I promised you an additional discovery regarding the spirit Birto, so here it is.
But first, librarians pick up reputations for being picky, but there’s often a good reason for this attitude. A key example here is Tales of the Horrible, or The Book of Spirits, written by “The Astrologer of the Nineteenth Century.” The latter was the title of an 1825 work written by Robert Cross Smith, better known as Raphael. Some cataloguer years ago, unfortunately, decided that “Astrologer” should be “Astronomer,” thereby obscuring the book’s potential author. Smith died in 1832, five years before the book was published, which raises the question of whether this was his work published posthumously, or one or another of the legitimate and illegitimate Raphaels who took up the pen in his wake.
I’d love to say that Tales of the Horrible was an undiscovered gem in the realm of the weird, but it is rather unimaginative and twee. We have accounts of Byron in heaven, a Muslim princess who uses black magic against a Christian knight, a horoscope of Carl von Weber, and other such items. Having read as much of it as I can stomach, it has become apparent that the “horrible” should refer to the writing itself. Nonetheless, one piece – “The Necromancers, and their Prediction” – deserves closer examination.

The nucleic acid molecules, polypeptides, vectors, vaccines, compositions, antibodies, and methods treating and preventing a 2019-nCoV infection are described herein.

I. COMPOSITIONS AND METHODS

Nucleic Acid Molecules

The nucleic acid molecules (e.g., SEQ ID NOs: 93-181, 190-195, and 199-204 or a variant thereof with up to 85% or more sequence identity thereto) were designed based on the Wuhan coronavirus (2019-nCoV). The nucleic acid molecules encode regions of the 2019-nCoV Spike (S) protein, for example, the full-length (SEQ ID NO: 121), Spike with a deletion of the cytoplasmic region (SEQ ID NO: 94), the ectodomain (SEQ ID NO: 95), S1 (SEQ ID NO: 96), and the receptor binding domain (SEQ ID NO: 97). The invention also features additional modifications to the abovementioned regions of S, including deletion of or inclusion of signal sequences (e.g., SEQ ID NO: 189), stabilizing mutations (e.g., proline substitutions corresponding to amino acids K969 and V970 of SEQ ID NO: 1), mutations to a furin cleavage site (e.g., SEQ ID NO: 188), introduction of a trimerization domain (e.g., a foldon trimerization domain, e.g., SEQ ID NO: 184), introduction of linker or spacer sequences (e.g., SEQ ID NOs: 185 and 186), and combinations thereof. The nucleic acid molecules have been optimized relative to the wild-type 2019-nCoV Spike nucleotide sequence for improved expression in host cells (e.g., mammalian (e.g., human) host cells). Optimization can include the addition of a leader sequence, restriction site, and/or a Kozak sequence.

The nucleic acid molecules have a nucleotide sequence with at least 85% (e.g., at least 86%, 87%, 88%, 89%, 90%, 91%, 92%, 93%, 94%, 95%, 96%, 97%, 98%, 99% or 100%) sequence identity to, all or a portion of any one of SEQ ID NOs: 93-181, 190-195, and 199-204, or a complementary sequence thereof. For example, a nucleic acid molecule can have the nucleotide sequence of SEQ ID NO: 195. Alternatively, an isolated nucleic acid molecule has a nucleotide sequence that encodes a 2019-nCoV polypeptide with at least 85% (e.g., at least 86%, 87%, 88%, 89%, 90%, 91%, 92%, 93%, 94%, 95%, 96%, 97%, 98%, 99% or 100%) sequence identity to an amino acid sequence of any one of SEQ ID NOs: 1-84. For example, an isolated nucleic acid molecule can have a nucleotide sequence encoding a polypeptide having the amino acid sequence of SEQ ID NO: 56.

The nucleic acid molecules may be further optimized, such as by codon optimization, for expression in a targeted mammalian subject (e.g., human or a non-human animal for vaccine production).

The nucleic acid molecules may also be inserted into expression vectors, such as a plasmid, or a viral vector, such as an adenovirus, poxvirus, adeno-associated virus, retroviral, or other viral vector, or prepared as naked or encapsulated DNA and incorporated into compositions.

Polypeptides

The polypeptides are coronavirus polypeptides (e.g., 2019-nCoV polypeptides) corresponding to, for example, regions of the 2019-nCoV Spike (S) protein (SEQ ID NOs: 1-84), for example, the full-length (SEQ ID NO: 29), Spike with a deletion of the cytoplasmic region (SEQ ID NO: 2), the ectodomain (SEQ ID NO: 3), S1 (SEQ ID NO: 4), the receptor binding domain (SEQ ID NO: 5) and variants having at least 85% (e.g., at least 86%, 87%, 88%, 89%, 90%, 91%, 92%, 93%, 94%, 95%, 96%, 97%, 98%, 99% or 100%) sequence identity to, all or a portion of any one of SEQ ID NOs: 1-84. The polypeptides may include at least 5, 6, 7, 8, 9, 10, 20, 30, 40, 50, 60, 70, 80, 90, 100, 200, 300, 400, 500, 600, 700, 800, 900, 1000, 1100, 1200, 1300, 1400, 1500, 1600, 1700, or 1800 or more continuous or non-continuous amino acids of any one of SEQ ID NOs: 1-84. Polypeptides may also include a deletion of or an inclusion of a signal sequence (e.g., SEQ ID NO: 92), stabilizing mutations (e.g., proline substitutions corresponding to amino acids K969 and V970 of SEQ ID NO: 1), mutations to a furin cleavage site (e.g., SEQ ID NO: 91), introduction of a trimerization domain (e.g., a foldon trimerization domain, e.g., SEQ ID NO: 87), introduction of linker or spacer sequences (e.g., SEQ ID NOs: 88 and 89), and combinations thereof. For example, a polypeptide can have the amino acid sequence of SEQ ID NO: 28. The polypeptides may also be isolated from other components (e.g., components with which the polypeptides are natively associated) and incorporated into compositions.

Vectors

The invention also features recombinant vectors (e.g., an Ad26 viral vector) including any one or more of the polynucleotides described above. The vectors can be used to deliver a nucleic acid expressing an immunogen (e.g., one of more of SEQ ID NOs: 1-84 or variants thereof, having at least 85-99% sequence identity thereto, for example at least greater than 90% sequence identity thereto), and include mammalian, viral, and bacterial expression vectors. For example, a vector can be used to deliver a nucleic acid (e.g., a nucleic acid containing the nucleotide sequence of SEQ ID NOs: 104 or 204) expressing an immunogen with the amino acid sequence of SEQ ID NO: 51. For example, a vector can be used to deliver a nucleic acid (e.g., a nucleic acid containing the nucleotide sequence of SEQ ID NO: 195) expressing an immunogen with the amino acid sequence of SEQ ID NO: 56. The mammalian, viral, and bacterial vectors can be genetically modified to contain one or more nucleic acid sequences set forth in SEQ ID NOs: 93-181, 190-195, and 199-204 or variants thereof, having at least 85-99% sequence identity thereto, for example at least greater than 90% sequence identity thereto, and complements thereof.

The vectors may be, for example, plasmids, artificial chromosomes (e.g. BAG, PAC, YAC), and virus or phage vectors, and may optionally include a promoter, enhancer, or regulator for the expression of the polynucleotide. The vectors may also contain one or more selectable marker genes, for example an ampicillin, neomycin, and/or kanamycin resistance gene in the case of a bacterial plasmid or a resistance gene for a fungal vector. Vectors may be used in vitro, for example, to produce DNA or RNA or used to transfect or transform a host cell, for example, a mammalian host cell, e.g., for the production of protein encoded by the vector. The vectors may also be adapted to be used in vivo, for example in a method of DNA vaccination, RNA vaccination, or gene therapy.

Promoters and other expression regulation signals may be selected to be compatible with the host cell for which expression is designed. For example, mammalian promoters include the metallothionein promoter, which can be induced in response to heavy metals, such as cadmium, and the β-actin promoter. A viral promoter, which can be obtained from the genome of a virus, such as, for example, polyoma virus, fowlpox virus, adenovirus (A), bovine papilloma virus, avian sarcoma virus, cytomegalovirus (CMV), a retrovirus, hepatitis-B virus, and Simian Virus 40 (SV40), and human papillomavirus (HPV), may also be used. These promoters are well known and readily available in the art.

The action is set at Cooke’s Folly of Clifton, near Bristol. This tower was supposedly the work of a local gentleman who wished to know the fate of his newborn son. Visiting a local necromancer, he peered into a book and found “The Invocation of the Spirit Birto”:
Proceed, in the darkness of night, in the wane of the moon, and on the eve of All-hallows to consecrate thy commencement. Let thy materials be made when Saturn ascends in the twelfth house, the mansion of sorrow…
The man eventually convinces the wizard to summon Birto. After grotesque invocations and a plague of zombies, Birto appears as a knight with black armor, bearing a scroll to proclaim the doom of the young man.
Overall, this seems to have been a local legend spruced up with some trappings of ceremonial magic. Curiously, the invocation of Birto as shown in the book seems to be almost entirely different from that in the magical literature. When we reflect that the original Raphael owned the Folger manuscript himself, we are left to wonder if this might not be an attempt at misdirection on the part of the author. It’s likely we will never know.